Press Release: Unemployment Insurance Fund (UIF) Operations in State of Dysfunction

JOHANNESBURG, 04 OCTOBER 2023   – Business Unity South Africa (BUSA) is gravely concerned about the systemic dysfunction at the Unemployment Insurance Fund (UIF) that is putting the livelihoods of workers at risk. The ineptitude of the UIF to fulfil its promises has led to workplace disruption and had a negative impact on the employer-employee relationship. Of major concern is the fact that calls for the authorities to intervene have gone unheeded.

BUSA has been engaging the government, together with labour, at Nedlac to try and resolve serious systemic dysfunction and alleged corruption in the administration of the UIF office. These engagements have been going on for the last three years and no progress has been made due to the inability or unwillingness of the UIF Commissioner to address the systemic issues. BUSA has also written to the Minister of Employment and Labour several times, but we have not received any positive responses.

The systemic issues at the UIF office have been publicly revealed recently by news that questionable investments have put at risk billions of rands that should be allocated to workers in distress. This, especially at a time when poor economic conditions due to load-shedding, escalating inflation, and diminishing consumer demand, are likely to lead to employees being placed on short-time or potentially even laid off. For impacted individuals, the safety net afforded by the UIF benefits scheme is not guaranteed.

The systemic dysfunction has also resulted in lengthy delays in application processes, including via online systems, receiving incorrect information, or constant changes in requirements. Payments, when finally processed, are typically received long after the period of lost earnings, providing little financial support when needed most.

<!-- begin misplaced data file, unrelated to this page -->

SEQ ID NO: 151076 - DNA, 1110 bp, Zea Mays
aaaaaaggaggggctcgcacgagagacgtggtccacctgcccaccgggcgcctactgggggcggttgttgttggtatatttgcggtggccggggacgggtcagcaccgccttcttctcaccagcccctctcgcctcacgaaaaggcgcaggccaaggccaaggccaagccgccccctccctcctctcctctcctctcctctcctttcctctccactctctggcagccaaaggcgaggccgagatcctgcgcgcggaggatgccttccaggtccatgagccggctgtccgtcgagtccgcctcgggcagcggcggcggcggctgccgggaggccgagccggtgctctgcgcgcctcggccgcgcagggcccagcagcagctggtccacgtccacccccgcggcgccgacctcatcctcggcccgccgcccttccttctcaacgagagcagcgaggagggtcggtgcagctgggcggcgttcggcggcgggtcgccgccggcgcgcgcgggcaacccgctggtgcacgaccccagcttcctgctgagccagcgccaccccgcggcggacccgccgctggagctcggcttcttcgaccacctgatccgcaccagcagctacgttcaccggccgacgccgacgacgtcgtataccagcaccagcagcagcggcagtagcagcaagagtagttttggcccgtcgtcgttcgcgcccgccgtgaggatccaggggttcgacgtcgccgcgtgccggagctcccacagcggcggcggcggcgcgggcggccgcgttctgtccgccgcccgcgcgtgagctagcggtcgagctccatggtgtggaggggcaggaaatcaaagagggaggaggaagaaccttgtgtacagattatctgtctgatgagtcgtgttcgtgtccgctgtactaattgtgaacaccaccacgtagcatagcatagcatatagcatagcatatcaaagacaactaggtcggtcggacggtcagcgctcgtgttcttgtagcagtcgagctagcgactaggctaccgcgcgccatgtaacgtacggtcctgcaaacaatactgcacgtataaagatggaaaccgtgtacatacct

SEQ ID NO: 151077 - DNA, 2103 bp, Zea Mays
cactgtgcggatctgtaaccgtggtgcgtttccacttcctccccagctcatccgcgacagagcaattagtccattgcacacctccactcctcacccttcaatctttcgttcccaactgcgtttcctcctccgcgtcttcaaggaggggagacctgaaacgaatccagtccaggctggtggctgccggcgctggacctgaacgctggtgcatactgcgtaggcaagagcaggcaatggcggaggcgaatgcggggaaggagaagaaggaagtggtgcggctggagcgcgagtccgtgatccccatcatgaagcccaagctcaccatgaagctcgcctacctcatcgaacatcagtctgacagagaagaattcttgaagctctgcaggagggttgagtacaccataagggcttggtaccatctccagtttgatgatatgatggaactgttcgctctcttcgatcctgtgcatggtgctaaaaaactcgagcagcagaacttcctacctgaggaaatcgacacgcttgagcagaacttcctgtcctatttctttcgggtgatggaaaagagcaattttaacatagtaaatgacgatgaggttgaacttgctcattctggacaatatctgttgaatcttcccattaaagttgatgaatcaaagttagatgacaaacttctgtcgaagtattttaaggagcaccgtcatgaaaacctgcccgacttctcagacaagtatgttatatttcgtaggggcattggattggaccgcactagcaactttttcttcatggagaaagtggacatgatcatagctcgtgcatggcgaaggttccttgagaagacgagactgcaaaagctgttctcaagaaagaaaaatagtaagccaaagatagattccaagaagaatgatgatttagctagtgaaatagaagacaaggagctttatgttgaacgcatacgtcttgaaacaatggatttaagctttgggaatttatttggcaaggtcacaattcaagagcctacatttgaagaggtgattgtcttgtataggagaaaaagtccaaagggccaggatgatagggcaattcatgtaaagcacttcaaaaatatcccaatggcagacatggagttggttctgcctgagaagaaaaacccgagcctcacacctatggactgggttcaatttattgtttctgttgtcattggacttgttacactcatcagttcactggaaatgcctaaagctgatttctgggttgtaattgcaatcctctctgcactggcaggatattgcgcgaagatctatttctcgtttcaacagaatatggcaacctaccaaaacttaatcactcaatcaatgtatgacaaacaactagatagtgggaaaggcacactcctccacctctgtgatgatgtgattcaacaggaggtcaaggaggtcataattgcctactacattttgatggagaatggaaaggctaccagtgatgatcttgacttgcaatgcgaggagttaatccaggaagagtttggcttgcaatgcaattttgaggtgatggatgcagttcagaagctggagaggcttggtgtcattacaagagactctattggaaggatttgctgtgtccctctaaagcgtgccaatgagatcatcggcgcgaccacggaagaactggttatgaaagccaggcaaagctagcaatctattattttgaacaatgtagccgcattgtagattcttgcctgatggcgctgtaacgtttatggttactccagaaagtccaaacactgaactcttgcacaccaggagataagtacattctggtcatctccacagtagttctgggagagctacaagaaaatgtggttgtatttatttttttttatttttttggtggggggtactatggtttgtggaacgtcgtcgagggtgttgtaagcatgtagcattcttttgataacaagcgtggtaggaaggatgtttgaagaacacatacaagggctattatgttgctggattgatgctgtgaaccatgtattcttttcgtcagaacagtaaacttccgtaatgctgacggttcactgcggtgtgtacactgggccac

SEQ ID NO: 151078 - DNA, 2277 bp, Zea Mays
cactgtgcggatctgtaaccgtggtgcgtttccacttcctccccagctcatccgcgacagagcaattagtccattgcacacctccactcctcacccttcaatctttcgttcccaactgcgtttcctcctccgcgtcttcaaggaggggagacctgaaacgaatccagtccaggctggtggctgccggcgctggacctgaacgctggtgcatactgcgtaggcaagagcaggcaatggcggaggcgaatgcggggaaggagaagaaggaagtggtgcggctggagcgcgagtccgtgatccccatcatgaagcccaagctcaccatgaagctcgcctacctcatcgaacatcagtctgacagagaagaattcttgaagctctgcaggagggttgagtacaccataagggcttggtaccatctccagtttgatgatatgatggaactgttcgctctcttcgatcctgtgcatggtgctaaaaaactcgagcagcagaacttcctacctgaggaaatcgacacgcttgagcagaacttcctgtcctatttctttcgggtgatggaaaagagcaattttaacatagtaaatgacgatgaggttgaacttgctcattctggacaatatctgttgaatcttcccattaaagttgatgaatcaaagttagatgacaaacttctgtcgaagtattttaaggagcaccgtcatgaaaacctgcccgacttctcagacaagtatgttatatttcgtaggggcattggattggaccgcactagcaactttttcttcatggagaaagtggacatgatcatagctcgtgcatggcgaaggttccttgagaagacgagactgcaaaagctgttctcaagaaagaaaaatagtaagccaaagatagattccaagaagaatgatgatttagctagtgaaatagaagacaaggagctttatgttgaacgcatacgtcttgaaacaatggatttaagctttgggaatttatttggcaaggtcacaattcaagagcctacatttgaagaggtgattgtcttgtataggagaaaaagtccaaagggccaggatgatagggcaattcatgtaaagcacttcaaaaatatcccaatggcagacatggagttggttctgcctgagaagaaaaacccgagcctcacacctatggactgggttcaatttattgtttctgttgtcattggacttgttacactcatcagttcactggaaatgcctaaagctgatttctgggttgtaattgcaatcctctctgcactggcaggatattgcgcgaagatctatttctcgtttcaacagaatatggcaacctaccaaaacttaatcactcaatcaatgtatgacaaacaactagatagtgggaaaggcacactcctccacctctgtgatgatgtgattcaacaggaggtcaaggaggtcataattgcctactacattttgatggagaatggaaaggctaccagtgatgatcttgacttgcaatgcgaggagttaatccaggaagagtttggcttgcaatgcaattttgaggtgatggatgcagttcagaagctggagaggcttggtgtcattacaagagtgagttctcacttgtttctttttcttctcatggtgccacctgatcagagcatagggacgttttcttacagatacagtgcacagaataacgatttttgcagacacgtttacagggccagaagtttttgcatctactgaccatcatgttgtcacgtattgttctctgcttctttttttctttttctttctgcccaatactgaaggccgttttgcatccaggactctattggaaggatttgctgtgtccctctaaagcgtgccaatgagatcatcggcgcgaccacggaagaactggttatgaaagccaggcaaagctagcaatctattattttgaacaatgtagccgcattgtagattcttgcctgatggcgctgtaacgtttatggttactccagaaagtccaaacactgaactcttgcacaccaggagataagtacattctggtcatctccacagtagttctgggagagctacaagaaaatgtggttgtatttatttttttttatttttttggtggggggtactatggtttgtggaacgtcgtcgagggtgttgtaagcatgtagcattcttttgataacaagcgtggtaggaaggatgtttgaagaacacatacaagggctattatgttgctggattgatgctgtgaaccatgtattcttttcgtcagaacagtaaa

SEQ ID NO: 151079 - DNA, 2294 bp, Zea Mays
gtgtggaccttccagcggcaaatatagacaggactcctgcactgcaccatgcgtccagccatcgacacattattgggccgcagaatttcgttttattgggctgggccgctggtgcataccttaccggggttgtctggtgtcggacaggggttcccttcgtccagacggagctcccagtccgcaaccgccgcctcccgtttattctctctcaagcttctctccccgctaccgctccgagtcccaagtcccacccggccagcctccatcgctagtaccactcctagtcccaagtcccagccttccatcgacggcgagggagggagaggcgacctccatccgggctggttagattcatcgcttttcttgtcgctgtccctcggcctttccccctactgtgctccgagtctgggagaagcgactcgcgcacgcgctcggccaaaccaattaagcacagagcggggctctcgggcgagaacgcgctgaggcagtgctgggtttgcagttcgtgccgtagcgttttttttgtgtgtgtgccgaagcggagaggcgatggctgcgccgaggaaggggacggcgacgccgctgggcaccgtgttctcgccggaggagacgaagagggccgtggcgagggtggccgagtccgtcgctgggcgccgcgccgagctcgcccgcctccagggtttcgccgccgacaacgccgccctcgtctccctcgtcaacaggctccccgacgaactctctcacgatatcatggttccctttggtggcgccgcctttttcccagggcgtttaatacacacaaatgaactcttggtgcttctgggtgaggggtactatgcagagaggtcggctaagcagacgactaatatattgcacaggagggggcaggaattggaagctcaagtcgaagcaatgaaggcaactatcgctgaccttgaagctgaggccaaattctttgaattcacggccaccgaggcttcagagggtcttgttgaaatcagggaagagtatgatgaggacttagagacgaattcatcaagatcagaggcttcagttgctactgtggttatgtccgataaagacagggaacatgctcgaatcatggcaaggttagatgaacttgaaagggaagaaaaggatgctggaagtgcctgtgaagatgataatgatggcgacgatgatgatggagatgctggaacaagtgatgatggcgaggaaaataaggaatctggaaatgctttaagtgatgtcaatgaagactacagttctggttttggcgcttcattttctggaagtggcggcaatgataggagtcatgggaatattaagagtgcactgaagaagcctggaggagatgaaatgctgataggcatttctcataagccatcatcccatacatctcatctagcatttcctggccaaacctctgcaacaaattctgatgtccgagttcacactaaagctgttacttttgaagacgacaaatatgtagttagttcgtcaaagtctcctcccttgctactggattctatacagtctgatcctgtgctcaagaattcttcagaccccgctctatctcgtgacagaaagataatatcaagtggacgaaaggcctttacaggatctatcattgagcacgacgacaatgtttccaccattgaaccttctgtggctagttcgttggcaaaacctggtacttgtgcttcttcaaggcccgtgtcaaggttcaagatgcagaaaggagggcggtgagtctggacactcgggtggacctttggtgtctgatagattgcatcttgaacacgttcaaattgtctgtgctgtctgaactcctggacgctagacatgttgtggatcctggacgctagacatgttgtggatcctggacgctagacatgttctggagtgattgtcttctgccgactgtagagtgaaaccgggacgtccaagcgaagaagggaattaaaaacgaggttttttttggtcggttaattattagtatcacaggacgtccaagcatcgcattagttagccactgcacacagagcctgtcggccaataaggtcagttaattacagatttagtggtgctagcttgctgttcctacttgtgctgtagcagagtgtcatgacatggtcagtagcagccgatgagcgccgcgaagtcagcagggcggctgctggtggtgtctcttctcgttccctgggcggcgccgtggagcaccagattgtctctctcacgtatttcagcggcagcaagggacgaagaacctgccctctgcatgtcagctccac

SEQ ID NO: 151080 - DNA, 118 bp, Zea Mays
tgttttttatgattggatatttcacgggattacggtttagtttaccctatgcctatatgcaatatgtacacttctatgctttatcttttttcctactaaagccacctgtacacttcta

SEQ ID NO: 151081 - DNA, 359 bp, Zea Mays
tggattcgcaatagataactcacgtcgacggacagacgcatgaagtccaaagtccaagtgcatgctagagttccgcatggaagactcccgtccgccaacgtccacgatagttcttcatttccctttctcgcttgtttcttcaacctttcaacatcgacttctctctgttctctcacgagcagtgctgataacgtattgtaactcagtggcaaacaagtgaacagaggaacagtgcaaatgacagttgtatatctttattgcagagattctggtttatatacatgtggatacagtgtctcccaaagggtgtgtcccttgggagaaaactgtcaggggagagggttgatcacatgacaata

Special schemes, including C19 TERS, Workers Affected by Unrest (WABU), and others designed to support affected individuals, whilst positive in their intention, remain to a significant extent ineffective as hundreds of thousands of applications remain unresolved.

Recent media reports highlighting the depth of corruption that has taken place within the UIF are of major concern. We have consistently urged that the systems be modernised to identify and limit corrupt practices, including within the ranks of the UIF. Central to this is the implementation of effective ICT systems that contain risk mitigation measures whilst enabling simple, efficient, and timeous service delivery to enable workers to access funds when they are in periods of unemployment or on reduced earnings (maternity), and not many months later, if at all.

It is clear the current management within the UIF is unwilling or unable to execute their mandate and has embarked on ill-considered systems, such as the eCompliance platform, which have failed and introduced risk in the business landscape, both for companies seeking assurance about the compliance of their providers and for the protection of workers. Failure to address the systemic issues, including alleged corruption, will result in increased frustration amongst employers and employees, and in greater financial losses that could impact the sustainability of the fund.

BUSA supports the call by other Business organisations and Organised Labour to have the UIF put under immediate administration. We remain committed, as we have been over the past three years, to providing support, advice, and expertise to drive a clear modernisation programme that addresses the changing needs of the new world of work and ensures efficient, cost-effective, and timely service delivery to beneficiaries. The resolution of the systemic issues in the UIF architecture is of critical importance to workers and employers alike. Business stands together with those seeking an urgent resolution to the problems in the UIF system and calls on the minister to act with speed.




Cas Coovadia

Business Unity SA CEO




Jonny Goldberg

BUSA Nedlac Labour Market Convenor


Sanelisiwe Jantjies

BUSA Social policy Manager


For more information, please contact:

Sizwe Maswanganye

Tel: 011 784 8000/0766516444